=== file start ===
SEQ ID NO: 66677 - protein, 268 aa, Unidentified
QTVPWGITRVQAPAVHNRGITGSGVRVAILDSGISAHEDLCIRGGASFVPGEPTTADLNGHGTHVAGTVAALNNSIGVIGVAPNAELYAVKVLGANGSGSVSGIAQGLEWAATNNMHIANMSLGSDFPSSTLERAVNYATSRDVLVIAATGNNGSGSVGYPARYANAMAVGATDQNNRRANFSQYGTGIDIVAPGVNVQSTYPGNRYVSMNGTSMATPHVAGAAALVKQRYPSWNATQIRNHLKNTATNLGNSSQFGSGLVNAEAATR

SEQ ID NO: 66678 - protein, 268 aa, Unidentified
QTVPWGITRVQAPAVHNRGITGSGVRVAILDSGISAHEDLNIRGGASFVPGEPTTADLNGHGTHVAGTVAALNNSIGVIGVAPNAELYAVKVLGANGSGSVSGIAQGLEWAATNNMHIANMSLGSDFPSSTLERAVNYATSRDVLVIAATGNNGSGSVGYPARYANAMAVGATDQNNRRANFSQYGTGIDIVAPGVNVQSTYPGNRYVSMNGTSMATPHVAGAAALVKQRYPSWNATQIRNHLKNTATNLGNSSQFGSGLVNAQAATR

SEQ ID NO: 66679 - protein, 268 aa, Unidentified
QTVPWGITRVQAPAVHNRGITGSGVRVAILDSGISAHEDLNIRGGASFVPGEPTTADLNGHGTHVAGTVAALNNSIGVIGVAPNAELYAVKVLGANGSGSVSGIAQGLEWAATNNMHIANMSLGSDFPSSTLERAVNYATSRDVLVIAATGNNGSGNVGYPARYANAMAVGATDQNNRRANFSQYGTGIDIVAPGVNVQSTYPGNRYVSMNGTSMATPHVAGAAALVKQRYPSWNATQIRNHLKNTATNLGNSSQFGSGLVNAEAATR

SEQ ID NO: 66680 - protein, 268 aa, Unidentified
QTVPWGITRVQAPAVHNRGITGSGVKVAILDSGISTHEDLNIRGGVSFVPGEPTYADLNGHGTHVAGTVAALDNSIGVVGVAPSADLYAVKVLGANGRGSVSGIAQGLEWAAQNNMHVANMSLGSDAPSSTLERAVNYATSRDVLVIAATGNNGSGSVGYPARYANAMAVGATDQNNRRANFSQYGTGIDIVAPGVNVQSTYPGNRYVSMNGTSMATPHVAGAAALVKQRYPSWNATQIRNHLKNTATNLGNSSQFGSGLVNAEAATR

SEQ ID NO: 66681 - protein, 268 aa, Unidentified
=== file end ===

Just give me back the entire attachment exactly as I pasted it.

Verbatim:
SEQ ID NO: 66677 - protein, 268 aa, Unidentified
QTVPWGITRVQAPAVHNRGITGSGVRVAILDSGISAHEDLCIRGGASFVPGEPTTADLNGHGTHVAGTVAALNNSIGVIGVAPNAELYAVKVLGANGSGSVSGIAQGLEWAATNNMHIANMSLGSDFPSSTLERAVNYATSRDVLVIAATGNNGSGSVGYPARYANAMAVGATDQNNRRANFSQYGTGIDIVAPGVNVQSTYPGNRYVSMNGTSMATPHVAGAAALVKQRYPSWNATQIRNHLKNTATNLGNSSQFGSGLVNAEAATR

SEQ ID NO: 66678 - protein, 268 aa, Unidentified
QTVPWGITRVQAPAVHNRGITGSGVRVAILDSGISAHEDLNIRGGASFVPGEPTTADLNGHGTHVAGTVAALNNSIGVIGVAPNAELYAVKVLGANGSGSVSGIAQGLEWAATNNMHIANMSLGSDFPSSTLERAVNYATSRDVLVIAATGNNGSGSVGYPARYANAMAVGATDQNNRRANFSQYGTGIDIVAPGVNVQSTYPGNRYVSMNGTSMATPHVAGAAALVKQRYPSWNATQIRNHLKNTATNLGNSSQFGSGLVNAQAATR

SEQ ID NO: 66679 - protein, 268 aa, Unidentified
QTVPWGITRVQAPAVHNRGITGSGVRVAILDSGISAHEDLNIRGGASFVPGEPTTADLNGHGTHVAGTVAALNNSIGVIGVAPNAELYAVKVLGANGSGSVSGIAQGLEWAATNNMHIANMSLGSDFPSSTLERAVNYATSRDVLVIAATGNNGSGNVGYPARYANAMAVGATDQNNRRANFSQYGTGIDIVAPGVNVQSTYPGNRYVSMNGTSMATPHVAGAAALVKQRYPSWNATQIRNHLKNTATNLGNSSQFGSGLVNAEAATR

SEQ ID NO: 66680 - protein, 268 aa, Unidentified
QTVPWGITRVQAPAVHNRGITGSGVKVAILDSGISTHEDLNIRGGVSFVPGEPTYADLNGHGTHVAGTVAALDNSIGVVGVAPSADLYAVKVLGANGRGSVSGIAQGLEWAAQNNMHVANMSLGSDAPSSTLERAVNYATSRDVLVIAATGNNGSGSVGYPARYANAMAVGATDQNNRRANFSQYGTGIDIVAPGVNVQSTYPGNRYVSMNGTSMATPHVAGAAALVKQRYPSWNATQIRNHLKNTATNLGNSSQFGSGLVNAEAATR

SEQ ID NO: 66681 - protein, 268 aa, Unidentified